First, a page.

At the recently concluded four-day “show” of the Association for Unmanned Vehicle Systems International (AUVSI), many new, largely war-related, technologies were on display. Among them is something called VADER, produced by Northrop Grumman, one of the world’s largest weapons manufacturers and a self-proclaimed “leader in global security.” One of the customers for this technology, it was reported at AUVSI 2011, is the Department of Homeland Security’s Customs and Border Protection Agency (CBP).
VADER stands for Vehicle and Dismount Exploitation Radar. According to Wired magazine’s “Danger Room” blog, VADER was first developed for use by the U.S. military in Afghanistan to spot individuals at a great distance and track them. As is often the case with such technologies, the radar system has come “home” to fight “wars” of various sorts.
CBP had prohibited Northrop Grumman from revealing the very fact that the DHS agency was using VADER—according to a company spokesperson with whom I spoke. So she was surprised when she read in Unmanned Daily News, the show’s newspaper, that a CBP representative had discussed it with reporters at the huge gathering. As reported by the article, CBP “is pleased with the radar's performance in operations so far.” The Northrop Grumman spokesperson recounted her conversations with CBP officials: “They say VADER is a game-changer,” she effused.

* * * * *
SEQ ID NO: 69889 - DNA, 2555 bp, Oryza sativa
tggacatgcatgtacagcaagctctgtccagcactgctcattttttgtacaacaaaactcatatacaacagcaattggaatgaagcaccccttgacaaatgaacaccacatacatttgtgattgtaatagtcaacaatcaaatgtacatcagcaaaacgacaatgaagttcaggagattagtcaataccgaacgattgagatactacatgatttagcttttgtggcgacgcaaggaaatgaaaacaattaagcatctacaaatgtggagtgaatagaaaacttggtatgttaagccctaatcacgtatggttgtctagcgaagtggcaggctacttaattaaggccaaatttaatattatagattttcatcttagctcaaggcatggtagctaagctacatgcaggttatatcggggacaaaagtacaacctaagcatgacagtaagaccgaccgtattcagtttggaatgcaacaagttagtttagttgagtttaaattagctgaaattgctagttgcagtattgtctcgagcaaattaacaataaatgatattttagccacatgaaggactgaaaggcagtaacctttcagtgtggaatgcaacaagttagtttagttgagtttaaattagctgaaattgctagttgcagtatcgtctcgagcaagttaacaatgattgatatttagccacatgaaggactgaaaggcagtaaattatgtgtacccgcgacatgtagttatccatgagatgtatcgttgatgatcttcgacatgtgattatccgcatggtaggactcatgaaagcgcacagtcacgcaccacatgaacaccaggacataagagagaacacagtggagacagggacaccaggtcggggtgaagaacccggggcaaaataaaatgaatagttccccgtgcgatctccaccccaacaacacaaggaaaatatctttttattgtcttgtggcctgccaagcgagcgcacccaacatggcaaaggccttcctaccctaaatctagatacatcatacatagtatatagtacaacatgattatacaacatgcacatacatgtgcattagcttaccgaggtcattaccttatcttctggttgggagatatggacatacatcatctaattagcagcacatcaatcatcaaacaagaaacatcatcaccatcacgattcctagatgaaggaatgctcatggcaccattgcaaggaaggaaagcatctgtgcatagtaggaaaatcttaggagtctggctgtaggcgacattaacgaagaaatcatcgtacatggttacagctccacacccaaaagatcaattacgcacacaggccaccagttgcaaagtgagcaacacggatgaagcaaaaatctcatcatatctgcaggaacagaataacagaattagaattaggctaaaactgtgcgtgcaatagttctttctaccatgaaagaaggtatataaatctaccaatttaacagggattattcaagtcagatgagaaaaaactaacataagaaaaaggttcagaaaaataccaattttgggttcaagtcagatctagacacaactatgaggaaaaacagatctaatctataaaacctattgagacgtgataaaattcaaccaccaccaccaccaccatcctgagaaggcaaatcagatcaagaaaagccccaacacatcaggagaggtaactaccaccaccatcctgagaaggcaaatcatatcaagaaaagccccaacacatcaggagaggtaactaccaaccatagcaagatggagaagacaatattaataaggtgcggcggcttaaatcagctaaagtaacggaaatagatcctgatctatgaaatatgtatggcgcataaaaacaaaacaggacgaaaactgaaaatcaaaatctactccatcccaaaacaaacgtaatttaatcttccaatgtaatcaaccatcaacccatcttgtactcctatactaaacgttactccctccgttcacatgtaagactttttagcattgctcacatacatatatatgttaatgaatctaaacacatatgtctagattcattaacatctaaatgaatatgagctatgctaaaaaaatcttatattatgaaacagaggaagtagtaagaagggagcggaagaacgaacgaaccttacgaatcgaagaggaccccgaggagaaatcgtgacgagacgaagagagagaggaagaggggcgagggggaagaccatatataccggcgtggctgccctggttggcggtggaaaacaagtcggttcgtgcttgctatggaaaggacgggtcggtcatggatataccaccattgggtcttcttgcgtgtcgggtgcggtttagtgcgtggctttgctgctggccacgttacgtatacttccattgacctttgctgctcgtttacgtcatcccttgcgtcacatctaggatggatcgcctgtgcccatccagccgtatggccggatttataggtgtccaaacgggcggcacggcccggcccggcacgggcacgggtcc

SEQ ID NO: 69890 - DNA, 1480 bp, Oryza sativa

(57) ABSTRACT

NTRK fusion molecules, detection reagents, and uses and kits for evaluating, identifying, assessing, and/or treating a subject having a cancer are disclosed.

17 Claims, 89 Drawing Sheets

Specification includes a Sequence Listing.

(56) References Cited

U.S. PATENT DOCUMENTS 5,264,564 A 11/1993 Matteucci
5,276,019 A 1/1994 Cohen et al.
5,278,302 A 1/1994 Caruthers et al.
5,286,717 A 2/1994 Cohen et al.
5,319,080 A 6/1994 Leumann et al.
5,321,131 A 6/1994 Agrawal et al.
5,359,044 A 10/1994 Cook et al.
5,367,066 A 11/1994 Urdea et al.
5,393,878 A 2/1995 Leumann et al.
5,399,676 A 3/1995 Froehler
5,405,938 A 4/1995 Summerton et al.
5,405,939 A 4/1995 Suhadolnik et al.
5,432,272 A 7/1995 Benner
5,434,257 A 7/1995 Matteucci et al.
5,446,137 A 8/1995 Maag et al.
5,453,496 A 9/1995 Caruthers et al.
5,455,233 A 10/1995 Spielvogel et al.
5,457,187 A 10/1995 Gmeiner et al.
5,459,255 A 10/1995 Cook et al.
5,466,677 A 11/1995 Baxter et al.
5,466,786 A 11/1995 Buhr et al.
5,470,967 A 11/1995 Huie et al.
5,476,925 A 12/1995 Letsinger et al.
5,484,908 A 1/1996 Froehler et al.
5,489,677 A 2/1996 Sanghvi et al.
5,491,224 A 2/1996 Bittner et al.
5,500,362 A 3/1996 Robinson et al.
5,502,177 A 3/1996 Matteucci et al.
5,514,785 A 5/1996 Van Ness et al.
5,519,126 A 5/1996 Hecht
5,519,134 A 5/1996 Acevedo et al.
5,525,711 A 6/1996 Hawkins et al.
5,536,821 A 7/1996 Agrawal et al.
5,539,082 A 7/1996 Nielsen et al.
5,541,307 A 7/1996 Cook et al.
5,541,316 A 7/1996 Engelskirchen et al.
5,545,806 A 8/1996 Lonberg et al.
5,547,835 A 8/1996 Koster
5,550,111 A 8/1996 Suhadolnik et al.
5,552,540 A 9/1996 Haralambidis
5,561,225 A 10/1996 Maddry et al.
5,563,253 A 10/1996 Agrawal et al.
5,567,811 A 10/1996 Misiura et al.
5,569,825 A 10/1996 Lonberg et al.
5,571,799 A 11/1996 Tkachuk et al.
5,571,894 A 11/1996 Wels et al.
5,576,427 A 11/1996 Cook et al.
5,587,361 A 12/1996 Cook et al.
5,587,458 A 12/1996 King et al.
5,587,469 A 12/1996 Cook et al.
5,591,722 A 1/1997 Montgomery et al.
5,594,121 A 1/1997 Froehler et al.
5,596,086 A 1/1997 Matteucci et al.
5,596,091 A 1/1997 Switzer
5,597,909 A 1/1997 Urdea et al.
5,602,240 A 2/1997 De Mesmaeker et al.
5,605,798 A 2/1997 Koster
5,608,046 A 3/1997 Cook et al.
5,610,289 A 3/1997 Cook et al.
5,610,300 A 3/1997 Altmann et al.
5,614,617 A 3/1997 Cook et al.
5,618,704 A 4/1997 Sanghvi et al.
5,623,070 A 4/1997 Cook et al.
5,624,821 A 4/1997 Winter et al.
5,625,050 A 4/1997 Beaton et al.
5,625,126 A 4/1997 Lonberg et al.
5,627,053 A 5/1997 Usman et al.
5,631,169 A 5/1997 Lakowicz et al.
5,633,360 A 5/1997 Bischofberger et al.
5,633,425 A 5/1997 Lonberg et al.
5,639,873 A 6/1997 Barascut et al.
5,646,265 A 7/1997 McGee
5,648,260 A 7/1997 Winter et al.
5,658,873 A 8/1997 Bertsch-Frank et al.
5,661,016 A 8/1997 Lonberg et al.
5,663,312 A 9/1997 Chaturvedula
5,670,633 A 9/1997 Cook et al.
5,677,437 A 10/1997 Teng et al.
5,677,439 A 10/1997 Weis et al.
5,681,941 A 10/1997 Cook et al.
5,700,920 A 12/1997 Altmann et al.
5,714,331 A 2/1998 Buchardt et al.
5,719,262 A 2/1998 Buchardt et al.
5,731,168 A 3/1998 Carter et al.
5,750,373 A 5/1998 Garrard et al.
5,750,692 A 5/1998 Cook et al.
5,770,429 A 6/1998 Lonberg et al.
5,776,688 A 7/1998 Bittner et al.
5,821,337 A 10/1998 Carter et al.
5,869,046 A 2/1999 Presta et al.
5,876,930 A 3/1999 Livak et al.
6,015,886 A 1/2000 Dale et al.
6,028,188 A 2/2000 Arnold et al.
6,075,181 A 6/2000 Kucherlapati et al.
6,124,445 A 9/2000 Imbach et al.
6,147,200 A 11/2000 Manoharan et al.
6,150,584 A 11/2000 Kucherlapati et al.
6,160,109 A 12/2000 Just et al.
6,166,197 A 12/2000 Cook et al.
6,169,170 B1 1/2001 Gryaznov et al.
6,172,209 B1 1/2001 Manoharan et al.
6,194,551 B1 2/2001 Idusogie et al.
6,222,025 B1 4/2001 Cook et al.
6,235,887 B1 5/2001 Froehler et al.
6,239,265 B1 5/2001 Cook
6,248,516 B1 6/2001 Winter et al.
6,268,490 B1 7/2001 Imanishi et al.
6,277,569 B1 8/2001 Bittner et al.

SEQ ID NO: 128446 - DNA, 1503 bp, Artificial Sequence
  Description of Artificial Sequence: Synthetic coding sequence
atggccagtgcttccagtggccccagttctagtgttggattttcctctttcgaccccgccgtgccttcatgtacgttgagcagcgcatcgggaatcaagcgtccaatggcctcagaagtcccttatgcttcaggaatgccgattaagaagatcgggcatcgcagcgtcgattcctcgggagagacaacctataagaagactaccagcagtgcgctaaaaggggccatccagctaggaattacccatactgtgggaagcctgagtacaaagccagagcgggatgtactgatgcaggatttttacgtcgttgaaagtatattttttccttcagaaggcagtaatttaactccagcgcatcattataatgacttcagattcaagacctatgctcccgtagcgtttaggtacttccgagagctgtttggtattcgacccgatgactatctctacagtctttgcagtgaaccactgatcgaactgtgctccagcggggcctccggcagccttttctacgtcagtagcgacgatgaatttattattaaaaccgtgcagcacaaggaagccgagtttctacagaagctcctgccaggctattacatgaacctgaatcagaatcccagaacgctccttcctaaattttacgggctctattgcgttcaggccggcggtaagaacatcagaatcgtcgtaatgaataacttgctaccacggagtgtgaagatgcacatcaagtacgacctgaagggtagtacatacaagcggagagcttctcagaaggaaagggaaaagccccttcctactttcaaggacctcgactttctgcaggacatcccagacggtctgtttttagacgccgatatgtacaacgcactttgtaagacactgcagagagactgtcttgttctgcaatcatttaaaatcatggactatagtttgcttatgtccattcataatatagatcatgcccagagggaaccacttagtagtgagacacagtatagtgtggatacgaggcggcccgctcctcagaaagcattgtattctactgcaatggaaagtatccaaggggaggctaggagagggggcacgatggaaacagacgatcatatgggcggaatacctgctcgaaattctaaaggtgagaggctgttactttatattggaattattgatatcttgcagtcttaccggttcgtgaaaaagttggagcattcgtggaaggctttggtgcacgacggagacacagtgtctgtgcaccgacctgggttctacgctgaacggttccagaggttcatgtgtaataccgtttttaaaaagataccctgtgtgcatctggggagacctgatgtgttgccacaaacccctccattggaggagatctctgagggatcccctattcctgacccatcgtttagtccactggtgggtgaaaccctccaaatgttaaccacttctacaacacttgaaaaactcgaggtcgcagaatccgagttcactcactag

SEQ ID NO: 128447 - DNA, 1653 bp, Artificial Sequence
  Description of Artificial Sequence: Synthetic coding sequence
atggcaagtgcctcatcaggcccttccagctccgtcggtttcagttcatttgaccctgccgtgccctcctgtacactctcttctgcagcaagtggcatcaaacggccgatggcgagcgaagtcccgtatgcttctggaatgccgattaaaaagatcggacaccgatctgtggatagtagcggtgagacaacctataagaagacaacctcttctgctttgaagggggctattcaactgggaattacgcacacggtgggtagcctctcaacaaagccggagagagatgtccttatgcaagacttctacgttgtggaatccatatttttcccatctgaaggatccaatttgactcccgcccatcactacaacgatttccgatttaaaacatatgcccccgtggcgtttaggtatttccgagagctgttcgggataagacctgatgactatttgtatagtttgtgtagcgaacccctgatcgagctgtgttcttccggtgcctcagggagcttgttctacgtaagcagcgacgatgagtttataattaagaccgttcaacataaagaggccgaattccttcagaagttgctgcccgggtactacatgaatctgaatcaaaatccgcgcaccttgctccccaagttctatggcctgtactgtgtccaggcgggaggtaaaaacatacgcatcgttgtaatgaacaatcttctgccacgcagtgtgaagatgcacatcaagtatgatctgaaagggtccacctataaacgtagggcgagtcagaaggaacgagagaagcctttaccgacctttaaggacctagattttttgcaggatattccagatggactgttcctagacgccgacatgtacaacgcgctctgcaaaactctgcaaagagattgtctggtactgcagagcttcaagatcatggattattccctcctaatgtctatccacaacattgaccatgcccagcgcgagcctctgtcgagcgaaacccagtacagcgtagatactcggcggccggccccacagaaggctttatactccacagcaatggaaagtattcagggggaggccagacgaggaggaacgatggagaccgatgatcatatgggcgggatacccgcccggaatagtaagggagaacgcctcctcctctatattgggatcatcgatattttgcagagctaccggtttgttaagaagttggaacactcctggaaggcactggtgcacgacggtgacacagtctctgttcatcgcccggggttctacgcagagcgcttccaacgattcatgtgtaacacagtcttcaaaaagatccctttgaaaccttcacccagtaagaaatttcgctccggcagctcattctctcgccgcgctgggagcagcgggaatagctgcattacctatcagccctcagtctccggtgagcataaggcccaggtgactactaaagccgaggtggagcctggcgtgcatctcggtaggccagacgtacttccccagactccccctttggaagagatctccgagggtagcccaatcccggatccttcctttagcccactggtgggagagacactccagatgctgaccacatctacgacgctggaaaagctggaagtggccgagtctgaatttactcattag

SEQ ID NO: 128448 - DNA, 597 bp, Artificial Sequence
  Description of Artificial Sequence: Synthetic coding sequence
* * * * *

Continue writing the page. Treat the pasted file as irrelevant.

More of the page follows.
VADER’s advantages include the fact that it is an all-weather technology. It can thus see through dust storms and atmospheric haze. Deployed on CBP’s small, but growing fleet of Predator drones (see General Atomics's advertisement for border drones below), VADER can also reportedly distinguish between people and animals—and it can do so from an altitude of 25,000 feet.
VADER is part and parcel of the growing electronic surveillance infrastructure in the U.S.-Mexico borderlands. In early 2011, DHS announced that it had cancelled its previously-much-touted SBInet, a multiyear, multibillion-dollar integrated system to deploy the “most effective proven technology, infrastructure, staffing, and response platforms and integrate them into a single comprehensive border security suite for the department.”
Yet the goal of having electronic eyes throughout the borderlands remains. Only now the recipe is one that embraces a greater mix of tools, ones tailored to the terrain of specific locales. This relatively decentralized approach relies increasingly on what are called “mobile surveillance units” (each one with a price tag of approximately $800,000)—in addition to stationary towers with optical and infrared scopes and VADER-equipped drones.